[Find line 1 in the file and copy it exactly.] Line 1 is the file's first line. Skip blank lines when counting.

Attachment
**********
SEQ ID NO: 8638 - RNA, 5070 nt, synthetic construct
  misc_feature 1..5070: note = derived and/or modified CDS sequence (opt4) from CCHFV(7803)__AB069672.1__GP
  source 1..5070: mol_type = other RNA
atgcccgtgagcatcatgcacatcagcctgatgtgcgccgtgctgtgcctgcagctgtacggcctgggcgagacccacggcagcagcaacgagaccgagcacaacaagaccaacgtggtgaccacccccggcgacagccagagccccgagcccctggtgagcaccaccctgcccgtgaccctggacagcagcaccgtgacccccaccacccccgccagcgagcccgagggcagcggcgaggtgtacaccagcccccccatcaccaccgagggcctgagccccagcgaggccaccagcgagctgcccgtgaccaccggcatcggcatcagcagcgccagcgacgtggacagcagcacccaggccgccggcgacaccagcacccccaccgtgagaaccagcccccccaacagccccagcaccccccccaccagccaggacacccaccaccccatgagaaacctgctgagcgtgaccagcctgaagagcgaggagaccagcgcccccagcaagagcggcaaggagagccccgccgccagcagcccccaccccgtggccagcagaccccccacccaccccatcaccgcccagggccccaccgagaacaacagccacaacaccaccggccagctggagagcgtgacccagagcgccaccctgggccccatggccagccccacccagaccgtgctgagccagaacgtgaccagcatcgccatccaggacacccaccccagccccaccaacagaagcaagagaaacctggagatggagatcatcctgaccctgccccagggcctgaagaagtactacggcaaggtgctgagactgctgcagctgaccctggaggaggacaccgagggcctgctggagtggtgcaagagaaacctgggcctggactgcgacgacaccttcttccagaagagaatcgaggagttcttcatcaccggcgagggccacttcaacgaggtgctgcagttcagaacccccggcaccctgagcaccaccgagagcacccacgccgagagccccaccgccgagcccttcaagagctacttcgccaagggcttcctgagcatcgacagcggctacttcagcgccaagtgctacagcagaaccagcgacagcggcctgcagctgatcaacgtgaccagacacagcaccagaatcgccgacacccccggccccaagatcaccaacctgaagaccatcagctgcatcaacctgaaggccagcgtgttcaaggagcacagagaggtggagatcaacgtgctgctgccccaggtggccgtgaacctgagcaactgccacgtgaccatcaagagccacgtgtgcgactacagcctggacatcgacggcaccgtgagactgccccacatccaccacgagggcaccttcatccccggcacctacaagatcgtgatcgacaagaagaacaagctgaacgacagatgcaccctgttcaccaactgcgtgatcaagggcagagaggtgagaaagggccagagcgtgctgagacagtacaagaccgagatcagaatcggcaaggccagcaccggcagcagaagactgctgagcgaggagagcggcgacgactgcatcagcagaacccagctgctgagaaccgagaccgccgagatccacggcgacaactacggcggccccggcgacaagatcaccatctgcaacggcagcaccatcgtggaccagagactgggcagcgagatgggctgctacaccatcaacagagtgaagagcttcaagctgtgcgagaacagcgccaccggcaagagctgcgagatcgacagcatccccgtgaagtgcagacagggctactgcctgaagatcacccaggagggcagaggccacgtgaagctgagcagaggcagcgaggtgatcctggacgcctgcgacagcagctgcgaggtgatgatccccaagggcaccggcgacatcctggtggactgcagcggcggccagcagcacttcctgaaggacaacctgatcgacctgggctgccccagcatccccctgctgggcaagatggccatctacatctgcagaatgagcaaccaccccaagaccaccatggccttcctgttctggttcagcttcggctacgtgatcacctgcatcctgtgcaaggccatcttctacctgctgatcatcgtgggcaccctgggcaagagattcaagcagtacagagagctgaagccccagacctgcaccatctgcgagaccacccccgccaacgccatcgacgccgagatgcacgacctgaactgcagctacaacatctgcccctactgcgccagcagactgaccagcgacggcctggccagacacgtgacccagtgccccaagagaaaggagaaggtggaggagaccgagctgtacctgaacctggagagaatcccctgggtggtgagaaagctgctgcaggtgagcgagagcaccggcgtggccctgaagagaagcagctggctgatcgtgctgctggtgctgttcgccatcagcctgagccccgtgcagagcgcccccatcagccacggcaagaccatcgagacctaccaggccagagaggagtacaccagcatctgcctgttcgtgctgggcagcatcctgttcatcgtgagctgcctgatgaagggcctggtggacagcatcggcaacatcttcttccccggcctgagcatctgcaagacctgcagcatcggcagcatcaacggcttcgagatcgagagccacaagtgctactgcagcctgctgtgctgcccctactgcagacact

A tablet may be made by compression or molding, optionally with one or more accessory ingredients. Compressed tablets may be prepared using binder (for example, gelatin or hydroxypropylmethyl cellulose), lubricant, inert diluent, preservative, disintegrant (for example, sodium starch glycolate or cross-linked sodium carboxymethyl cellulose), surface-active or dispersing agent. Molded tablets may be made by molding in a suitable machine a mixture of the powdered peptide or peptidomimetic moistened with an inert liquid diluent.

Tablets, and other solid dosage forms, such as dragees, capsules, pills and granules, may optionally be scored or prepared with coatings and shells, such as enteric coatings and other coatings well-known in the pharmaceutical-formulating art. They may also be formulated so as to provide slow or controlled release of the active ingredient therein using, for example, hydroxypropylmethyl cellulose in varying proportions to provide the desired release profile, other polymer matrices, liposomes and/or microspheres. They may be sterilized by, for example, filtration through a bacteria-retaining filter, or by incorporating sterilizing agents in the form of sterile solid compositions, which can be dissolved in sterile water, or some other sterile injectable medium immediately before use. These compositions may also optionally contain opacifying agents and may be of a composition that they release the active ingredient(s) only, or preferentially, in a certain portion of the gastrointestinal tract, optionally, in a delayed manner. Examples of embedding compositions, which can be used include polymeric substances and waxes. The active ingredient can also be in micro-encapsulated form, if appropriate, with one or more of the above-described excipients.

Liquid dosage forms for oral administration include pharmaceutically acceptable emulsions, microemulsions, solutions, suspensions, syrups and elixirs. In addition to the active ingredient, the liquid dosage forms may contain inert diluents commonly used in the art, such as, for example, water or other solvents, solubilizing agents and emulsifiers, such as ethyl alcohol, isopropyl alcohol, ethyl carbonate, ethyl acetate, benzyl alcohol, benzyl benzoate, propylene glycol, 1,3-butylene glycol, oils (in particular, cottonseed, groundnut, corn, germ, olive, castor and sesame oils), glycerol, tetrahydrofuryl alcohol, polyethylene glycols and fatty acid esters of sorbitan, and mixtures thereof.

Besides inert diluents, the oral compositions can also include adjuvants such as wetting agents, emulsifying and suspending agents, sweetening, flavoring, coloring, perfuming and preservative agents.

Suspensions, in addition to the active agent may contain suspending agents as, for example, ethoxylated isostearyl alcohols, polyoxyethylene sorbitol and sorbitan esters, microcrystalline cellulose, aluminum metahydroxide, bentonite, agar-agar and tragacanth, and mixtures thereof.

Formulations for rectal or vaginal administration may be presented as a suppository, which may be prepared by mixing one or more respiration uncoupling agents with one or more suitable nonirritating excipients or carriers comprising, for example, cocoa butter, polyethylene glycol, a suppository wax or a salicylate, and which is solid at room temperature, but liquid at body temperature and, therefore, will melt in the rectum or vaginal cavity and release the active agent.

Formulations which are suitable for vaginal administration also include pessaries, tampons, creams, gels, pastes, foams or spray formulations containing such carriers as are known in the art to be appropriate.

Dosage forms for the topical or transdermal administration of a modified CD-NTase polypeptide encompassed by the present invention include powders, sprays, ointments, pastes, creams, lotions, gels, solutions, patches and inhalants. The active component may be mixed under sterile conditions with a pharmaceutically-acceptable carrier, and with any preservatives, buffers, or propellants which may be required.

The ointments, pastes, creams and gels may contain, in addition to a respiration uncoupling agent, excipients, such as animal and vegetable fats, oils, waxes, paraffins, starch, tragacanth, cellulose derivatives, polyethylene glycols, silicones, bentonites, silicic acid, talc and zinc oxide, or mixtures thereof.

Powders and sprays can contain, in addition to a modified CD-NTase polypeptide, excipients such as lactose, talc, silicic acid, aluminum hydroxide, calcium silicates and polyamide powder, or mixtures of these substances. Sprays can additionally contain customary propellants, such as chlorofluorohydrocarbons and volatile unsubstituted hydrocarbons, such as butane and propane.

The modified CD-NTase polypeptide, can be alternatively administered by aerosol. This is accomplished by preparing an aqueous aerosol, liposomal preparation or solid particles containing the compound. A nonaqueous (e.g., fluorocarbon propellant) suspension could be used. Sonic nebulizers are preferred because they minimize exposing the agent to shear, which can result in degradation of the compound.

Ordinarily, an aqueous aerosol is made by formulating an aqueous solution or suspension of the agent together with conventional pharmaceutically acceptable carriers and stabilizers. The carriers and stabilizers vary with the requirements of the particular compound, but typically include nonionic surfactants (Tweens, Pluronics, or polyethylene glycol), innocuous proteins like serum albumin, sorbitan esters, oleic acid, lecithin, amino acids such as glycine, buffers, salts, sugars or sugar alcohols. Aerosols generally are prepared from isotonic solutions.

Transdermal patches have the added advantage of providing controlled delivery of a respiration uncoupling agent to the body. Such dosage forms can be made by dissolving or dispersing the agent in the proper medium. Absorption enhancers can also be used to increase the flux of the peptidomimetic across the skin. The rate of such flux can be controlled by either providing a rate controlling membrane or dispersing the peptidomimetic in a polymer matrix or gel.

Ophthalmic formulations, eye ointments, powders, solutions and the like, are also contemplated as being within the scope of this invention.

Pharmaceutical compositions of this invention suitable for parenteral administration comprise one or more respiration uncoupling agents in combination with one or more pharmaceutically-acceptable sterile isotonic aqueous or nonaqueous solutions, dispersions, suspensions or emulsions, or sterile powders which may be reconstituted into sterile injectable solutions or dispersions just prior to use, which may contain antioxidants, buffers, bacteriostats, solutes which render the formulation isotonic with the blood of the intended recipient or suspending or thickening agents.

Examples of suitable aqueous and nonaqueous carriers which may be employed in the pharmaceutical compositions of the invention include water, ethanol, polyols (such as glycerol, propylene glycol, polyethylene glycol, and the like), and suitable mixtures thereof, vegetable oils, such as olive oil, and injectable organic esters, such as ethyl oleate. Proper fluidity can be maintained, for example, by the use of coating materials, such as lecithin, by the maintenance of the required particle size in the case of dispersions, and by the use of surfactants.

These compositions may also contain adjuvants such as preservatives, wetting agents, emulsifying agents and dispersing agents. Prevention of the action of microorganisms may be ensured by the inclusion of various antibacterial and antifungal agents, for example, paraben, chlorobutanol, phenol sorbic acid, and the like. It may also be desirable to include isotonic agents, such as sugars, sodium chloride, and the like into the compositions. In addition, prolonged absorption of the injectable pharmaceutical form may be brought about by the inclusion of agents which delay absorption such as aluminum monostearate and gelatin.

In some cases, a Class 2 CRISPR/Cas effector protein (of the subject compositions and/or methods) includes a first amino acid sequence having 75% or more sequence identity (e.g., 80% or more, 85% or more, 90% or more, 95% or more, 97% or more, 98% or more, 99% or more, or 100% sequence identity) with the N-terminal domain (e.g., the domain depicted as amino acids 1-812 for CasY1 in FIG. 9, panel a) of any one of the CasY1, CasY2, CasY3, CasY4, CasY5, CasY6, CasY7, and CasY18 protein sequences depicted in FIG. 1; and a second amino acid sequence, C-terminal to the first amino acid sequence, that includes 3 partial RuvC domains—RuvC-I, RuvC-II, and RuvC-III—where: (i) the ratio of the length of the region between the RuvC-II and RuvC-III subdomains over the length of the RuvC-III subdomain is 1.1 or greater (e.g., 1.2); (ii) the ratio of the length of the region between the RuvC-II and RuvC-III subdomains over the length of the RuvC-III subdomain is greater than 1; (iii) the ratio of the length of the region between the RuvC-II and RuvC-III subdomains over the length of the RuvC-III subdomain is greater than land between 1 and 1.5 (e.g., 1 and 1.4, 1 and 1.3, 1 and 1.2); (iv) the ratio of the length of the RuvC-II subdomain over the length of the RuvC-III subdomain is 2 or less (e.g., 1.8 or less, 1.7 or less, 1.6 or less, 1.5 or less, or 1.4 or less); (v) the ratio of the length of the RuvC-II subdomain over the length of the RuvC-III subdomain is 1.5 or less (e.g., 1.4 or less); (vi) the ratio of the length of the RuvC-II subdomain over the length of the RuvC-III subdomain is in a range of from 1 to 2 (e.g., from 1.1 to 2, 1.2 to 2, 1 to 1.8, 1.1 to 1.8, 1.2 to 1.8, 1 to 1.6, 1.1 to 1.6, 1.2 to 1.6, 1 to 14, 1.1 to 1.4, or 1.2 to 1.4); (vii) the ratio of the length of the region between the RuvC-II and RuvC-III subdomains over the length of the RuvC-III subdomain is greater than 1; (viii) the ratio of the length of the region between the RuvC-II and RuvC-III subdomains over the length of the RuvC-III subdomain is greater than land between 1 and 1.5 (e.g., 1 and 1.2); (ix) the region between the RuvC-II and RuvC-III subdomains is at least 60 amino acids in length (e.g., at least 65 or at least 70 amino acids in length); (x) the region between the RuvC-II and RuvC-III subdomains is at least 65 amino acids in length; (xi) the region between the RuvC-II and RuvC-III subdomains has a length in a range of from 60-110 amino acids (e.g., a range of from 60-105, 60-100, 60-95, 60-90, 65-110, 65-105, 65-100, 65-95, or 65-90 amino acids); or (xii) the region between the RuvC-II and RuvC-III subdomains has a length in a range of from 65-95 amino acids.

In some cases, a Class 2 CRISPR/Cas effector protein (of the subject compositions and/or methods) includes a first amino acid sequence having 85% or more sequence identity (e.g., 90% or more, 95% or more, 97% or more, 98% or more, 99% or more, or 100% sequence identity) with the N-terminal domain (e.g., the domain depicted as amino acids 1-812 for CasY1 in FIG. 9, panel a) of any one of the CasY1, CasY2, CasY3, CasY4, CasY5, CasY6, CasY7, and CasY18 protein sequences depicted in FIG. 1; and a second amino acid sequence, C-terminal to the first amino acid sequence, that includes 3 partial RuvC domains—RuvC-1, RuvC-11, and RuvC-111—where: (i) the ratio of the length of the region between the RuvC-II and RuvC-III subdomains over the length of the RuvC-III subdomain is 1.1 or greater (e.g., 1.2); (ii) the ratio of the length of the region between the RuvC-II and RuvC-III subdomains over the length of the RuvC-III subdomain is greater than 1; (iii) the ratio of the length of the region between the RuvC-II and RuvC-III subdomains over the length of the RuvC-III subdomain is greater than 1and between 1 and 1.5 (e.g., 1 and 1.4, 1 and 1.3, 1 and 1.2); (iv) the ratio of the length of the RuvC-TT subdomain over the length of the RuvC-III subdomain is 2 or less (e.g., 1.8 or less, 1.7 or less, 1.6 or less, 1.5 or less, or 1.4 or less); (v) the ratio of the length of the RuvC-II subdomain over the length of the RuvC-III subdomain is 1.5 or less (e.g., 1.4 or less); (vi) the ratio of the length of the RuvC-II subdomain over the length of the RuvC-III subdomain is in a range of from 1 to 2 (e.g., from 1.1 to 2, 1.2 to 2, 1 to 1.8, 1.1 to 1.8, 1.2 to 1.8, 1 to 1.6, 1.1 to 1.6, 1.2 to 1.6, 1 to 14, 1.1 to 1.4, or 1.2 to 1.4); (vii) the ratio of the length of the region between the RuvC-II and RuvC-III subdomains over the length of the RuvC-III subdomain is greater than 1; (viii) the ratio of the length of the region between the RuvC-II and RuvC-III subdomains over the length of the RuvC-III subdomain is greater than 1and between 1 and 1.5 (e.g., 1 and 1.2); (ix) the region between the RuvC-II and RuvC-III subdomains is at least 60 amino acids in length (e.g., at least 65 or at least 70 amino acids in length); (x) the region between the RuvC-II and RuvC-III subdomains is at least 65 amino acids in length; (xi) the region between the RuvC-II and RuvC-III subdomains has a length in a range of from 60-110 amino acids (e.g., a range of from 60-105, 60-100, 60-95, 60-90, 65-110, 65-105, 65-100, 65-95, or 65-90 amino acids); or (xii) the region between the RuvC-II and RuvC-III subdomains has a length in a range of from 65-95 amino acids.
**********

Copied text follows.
SEQ ID NO: 8638 - RNA, 5070 nt, synthetic construct